When I started to stabilize with my first baclofen pump, I started to wander out into the world. For the first time in years, I was getting around as an ambulatory person. At first, it was with minimal assistive equipment, then with none.
As I ventured out, I did it much like a child does. Everything I did was exciting because I never expected to be doing it again at all. Walking up steps, walking on the beach, taking my dogs to the dog beach, riding a bike, kayaking in the gulf, camping and camping with my dogs were some of the things I did within the first two years of having the Codman pump.
I had a blast and no fear of trying new things or meeting new people. I loved it all, and was open to any and all opportunities that arose.
I had gotten used to being appreciative of the simple things in life during my wheelchair days. I appreciate and find my inspiration in those simpler things still, even when I am caught up in my own head about the drastic differences in my life from one three or four-year period to the next, over the last 11 years.
Now I relate to toddlers and younger children a bit differently. The cutest baby in all the land is struggling with some of the same developmental tasks that I am. We both have trouble with the pop up books, going up and down stairs (although she is getting better at it), manipulating small objects, walking too quickly, etc.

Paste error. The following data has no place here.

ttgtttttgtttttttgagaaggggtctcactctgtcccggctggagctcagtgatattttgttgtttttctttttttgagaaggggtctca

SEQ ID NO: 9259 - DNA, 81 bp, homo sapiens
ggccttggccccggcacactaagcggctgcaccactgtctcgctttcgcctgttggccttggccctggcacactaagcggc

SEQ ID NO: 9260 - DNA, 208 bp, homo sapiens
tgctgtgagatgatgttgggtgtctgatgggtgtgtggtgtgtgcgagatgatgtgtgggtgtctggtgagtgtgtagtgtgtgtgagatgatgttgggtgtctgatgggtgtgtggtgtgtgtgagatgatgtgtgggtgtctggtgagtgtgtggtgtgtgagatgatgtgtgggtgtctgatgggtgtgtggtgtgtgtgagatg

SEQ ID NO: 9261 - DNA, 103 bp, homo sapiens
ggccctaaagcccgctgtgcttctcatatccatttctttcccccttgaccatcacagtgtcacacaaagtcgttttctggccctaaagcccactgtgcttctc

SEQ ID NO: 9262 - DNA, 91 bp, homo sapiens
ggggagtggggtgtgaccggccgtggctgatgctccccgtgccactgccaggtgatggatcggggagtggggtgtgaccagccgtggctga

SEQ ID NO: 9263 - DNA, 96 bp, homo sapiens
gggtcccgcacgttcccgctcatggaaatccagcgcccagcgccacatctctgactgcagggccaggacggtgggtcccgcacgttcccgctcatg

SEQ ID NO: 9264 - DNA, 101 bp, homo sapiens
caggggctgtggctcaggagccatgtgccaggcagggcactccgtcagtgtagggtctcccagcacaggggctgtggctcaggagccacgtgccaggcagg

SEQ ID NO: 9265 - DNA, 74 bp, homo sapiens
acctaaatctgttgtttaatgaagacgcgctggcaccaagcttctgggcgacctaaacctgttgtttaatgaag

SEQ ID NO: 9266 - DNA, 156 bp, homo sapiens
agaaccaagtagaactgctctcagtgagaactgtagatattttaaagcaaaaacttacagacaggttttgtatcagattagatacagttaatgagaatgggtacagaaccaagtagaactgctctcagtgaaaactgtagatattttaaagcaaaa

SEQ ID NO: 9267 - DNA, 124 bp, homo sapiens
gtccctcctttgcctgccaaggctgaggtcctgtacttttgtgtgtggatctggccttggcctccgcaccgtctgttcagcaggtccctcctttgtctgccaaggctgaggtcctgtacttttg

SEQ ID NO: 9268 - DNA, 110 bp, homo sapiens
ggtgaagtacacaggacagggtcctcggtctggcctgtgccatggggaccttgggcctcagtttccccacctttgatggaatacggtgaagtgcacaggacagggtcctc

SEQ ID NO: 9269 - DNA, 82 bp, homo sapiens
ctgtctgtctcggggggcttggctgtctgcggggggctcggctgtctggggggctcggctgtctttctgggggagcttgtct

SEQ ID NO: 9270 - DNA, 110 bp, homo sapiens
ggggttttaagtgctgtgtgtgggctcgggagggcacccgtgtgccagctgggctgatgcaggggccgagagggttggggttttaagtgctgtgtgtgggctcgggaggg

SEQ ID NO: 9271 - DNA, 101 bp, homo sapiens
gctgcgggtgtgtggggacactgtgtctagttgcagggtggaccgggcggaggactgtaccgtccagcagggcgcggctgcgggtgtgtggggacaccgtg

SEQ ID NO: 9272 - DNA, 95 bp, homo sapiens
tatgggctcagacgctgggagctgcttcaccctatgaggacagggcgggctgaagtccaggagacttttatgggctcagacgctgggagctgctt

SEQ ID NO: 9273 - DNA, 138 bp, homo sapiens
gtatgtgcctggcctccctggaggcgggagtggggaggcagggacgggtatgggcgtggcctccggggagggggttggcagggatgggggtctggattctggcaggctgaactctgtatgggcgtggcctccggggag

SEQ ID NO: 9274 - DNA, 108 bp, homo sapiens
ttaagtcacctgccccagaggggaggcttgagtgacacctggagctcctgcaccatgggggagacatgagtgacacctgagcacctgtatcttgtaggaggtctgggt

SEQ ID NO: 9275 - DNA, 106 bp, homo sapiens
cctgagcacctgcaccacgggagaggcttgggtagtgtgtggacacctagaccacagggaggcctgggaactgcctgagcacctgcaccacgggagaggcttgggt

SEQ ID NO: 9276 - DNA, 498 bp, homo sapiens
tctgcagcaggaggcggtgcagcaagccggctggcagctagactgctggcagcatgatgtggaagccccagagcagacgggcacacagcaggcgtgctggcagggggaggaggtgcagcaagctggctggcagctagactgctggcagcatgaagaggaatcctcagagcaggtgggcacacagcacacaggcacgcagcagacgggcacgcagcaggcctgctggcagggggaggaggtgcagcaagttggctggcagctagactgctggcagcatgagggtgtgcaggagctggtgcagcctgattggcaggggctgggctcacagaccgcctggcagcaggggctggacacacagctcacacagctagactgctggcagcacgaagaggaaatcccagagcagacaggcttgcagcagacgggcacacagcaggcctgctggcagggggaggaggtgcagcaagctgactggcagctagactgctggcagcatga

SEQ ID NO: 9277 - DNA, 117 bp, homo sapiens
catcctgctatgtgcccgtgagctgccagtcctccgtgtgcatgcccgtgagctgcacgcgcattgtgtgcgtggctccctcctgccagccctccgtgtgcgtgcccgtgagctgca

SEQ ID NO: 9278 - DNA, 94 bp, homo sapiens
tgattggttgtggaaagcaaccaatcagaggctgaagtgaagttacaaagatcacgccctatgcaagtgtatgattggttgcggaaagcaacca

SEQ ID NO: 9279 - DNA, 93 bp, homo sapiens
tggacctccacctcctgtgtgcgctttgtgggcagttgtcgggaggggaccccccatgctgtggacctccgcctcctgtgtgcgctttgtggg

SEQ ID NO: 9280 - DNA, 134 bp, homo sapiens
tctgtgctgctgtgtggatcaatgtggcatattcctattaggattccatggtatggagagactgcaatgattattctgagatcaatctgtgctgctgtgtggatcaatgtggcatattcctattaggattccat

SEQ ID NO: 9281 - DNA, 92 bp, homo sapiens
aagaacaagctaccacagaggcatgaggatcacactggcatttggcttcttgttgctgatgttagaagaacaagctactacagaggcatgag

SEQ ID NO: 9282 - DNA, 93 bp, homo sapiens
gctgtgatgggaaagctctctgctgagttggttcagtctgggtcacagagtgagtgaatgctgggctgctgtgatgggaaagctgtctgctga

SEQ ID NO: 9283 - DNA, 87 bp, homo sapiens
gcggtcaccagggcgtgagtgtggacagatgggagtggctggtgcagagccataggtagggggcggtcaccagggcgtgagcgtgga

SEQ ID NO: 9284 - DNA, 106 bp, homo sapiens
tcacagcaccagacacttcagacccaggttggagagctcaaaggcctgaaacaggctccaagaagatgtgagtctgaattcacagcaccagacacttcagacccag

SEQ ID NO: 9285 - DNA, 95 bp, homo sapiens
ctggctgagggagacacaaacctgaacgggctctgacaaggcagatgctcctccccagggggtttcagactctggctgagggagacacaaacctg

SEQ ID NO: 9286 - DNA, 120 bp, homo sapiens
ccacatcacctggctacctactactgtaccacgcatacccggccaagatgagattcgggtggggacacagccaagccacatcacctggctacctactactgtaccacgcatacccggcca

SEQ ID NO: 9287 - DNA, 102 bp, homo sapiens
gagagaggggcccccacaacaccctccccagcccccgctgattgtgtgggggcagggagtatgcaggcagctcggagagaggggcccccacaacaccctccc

When she was first standing up and pushing her little walker thing, I was too. It was cute, and she even helped me push mine in the mall parking lot from the car to the sidewalk.
I love to watch how excited she gets when she sees something new and exciting. It usually isn’t something that would hold an adult’s interest, but it is certainly something that is new and fun for her.
I don’t know at what point as a child I lost this enthusiasm, but it was sadly quite young. There was no particular event or anything I can recall, I just know it wasn’t there anymore.
Instead of the enthusiasm, there was fear and caution, which came with sadness. Then later there was responsibility, fear, darkness and caution. I am not sure how, but being stripped of everything when I became ill seemed to eventually lead me back to enthusiasm, despite the fears, responsibilities, darkness and caution.
The past few years of pump drama and social security appeals have sapped some of my enthusiasm. Adjusting to life without a pump, still dealing with social security and other health issues certainly is taking a toll too.
Today, I realized I felt a bit empowered after spending two weeks in the eye of the illness. I made it through it and still found my inspiration in my lilies, my dogs, and in the clouds in the sky.
It wasn’t fun and it wasn’t easy, but does that really matter? What matters is that I faced it all head on, dealt with it, lived through it, and continue moving forward, right?